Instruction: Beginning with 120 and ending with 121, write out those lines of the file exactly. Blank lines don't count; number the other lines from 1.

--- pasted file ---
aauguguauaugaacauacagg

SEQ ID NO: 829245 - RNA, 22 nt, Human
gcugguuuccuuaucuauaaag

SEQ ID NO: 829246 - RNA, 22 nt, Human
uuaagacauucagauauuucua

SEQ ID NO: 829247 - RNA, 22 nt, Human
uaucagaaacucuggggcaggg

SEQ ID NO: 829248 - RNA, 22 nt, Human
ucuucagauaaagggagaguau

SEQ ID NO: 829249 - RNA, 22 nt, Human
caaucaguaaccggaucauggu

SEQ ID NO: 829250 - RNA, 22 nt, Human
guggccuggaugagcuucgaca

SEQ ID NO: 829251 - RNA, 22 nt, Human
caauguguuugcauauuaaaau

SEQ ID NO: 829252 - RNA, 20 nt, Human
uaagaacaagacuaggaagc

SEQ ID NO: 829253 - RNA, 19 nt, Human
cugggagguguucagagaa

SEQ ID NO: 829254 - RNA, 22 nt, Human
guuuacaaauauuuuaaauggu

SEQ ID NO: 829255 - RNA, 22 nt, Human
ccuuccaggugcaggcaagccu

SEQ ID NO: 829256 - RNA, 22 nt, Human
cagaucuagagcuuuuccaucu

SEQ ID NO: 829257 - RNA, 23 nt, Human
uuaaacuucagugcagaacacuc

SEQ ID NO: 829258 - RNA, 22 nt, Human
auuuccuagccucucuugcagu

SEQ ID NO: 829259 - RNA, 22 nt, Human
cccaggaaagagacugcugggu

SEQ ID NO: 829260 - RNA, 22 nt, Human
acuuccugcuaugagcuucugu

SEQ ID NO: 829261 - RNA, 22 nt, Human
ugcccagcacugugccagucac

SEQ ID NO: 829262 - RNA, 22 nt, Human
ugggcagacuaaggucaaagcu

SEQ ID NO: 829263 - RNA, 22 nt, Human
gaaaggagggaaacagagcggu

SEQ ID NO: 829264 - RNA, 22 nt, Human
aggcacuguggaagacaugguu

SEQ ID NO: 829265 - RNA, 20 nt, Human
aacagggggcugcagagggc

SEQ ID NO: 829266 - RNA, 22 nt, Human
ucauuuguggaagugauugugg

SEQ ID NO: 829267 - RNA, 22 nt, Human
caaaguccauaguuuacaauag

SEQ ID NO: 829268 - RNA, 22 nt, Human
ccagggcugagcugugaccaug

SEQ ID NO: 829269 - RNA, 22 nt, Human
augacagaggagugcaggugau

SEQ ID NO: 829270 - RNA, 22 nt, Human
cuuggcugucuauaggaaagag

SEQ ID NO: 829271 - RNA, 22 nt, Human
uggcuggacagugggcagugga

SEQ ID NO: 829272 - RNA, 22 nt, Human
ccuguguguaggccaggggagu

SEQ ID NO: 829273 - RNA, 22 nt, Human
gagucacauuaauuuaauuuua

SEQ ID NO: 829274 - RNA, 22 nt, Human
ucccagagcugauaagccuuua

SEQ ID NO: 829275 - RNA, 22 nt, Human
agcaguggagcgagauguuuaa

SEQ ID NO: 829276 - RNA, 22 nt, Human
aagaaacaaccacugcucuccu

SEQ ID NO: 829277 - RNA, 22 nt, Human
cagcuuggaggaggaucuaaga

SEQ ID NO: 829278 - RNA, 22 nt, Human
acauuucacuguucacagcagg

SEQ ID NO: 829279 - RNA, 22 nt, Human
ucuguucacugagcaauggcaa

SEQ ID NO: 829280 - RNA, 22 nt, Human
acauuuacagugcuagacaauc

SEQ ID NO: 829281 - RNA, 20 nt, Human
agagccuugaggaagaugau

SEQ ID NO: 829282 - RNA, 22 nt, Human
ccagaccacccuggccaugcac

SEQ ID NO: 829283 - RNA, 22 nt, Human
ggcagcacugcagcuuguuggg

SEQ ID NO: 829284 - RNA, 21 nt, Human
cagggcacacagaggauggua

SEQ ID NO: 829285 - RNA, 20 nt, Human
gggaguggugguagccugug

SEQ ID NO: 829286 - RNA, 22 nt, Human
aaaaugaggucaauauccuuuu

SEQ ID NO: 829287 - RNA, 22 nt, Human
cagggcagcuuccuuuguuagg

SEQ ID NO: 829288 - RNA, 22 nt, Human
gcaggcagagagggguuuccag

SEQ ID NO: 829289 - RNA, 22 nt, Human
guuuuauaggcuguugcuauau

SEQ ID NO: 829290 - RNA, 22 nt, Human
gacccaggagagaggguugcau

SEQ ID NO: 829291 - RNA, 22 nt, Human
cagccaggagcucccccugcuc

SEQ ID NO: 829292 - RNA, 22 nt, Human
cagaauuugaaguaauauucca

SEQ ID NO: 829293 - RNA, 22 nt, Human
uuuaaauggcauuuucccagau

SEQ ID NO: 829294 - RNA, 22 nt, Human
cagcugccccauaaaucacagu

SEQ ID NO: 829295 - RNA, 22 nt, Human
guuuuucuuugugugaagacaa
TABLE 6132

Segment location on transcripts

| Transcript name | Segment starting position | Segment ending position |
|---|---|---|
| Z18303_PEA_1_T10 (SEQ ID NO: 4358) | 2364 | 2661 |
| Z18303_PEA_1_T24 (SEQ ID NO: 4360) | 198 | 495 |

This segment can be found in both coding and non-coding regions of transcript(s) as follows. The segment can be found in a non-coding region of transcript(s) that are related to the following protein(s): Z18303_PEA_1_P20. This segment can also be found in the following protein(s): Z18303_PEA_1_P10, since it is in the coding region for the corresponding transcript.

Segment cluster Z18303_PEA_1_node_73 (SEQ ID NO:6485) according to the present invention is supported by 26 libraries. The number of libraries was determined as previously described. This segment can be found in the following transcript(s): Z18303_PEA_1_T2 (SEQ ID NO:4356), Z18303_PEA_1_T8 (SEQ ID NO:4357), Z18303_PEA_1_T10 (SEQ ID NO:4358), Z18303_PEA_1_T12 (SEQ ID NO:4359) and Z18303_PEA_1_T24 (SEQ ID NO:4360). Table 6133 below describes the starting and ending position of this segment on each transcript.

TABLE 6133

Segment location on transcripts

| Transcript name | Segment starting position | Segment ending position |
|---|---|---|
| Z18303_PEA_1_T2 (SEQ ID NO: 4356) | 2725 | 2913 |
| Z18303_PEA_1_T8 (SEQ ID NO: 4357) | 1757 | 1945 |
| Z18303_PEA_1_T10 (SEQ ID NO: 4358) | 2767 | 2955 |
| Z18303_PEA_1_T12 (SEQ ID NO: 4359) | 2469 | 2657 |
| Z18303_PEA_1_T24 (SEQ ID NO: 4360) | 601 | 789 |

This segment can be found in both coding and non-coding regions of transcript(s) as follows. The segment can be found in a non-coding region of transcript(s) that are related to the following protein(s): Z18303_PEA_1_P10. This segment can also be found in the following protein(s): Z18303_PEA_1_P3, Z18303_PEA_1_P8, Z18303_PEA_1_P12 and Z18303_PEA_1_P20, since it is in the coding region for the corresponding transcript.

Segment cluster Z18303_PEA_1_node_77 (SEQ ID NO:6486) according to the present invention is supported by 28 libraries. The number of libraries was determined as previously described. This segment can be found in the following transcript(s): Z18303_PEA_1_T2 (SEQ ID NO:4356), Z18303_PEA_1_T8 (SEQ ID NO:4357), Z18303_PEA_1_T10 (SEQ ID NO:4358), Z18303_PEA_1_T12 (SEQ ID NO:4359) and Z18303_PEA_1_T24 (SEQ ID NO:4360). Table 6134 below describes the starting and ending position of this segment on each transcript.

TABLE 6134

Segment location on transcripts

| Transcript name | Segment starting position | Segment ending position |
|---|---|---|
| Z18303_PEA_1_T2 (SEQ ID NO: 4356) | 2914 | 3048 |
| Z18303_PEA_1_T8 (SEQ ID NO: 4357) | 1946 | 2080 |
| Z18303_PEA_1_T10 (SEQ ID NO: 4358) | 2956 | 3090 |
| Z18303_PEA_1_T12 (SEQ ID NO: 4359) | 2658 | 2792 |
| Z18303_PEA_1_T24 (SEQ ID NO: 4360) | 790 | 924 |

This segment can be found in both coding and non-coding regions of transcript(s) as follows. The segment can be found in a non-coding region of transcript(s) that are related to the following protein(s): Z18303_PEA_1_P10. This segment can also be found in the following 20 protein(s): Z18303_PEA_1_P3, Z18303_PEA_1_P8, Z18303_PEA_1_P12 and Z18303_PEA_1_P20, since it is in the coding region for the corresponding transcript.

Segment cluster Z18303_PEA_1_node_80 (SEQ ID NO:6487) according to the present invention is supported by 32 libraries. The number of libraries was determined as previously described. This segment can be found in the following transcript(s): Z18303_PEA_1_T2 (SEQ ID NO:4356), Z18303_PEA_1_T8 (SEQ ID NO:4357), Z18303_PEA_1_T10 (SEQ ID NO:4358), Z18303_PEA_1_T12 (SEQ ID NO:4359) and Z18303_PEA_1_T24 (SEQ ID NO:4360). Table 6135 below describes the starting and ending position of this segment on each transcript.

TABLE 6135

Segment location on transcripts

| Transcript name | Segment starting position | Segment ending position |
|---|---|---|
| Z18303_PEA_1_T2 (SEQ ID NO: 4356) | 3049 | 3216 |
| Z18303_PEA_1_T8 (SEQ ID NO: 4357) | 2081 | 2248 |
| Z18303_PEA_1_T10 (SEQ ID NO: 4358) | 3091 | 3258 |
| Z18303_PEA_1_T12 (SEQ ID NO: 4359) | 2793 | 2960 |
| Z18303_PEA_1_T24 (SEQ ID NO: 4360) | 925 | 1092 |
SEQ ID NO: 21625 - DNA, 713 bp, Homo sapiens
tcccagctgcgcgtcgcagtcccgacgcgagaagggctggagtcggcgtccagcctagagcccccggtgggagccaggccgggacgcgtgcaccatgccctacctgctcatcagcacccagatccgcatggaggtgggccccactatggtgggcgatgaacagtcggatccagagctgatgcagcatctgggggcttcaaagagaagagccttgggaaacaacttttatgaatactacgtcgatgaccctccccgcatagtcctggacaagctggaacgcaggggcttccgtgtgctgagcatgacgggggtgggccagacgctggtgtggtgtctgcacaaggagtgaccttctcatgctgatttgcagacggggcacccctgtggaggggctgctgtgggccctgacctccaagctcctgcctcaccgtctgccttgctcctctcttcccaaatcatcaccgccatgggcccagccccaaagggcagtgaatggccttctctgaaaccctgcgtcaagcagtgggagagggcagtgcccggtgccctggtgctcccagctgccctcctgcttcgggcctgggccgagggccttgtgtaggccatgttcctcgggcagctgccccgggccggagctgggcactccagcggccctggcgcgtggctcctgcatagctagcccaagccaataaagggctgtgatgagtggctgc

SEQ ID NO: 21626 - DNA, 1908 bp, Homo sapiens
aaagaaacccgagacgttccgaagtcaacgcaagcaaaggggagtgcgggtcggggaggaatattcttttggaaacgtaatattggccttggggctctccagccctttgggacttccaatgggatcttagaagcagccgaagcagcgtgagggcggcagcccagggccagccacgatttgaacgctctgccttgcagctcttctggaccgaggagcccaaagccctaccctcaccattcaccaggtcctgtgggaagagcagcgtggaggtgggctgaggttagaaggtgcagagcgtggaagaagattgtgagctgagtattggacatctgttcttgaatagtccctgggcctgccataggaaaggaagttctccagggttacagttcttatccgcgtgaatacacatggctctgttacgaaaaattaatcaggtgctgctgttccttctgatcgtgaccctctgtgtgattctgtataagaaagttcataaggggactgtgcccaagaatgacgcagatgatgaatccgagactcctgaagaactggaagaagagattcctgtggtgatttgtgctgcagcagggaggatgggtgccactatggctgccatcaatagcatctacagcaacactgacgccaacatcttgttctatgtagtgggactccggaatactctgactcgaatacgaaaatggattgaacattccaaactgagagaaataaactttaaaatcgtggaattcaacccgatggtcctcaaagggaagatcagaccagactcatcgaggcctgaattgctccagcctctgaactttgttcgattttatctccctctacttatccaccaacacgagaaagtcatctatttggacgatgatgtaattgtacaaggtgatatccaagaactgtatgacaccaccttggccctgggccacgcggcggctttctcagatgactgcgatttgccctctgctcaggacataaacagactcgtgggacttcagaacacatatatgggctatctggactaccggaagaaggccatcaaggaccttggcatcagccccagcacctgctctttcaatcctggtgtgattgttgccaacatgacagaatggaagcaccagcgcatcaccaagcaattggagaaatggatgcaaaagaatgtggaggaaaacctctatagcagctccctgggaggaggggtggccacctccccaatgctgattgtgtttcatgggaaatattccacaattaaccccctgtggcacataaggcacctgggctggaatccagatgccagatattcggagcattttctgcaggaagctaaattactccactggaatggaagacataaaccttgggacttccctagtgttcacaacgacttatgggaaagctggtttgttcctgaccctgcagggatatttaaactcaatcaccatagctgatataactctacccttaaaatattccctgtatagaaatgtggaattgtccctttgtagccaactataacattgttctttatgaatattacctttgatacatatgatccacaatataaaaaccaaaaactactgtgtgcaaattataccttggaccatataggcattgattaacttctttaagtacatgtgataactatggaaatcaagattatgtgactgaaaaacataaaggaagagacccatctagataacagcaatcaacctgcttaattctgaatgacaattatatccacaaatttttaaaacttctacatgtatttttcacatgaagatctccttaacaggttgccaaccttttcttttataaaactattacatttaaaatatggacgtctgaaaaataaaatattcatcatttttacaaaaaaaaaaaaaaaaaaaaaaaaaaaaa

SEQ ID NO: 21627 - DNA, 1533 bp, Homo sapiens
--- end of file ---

| Z18303_PEA_1_T24 (SEQ ID NO: 4360) | 601 | 789 |

This segment can be found in both coding and non-coding regions of transcript(s) as follows. The segment can be found in a non-coding region of transcript(s) that are related to the following protein(s): Z18303_PEA_1_P10. This segment can also be found in the following protein(s): Z18303_PEA_1_P3, Z18303_PEA_1_P8, Z18303_PEA_1_P12 and Z18303_PEA_1_P20, since it is in the coding region for the corresponding transcript.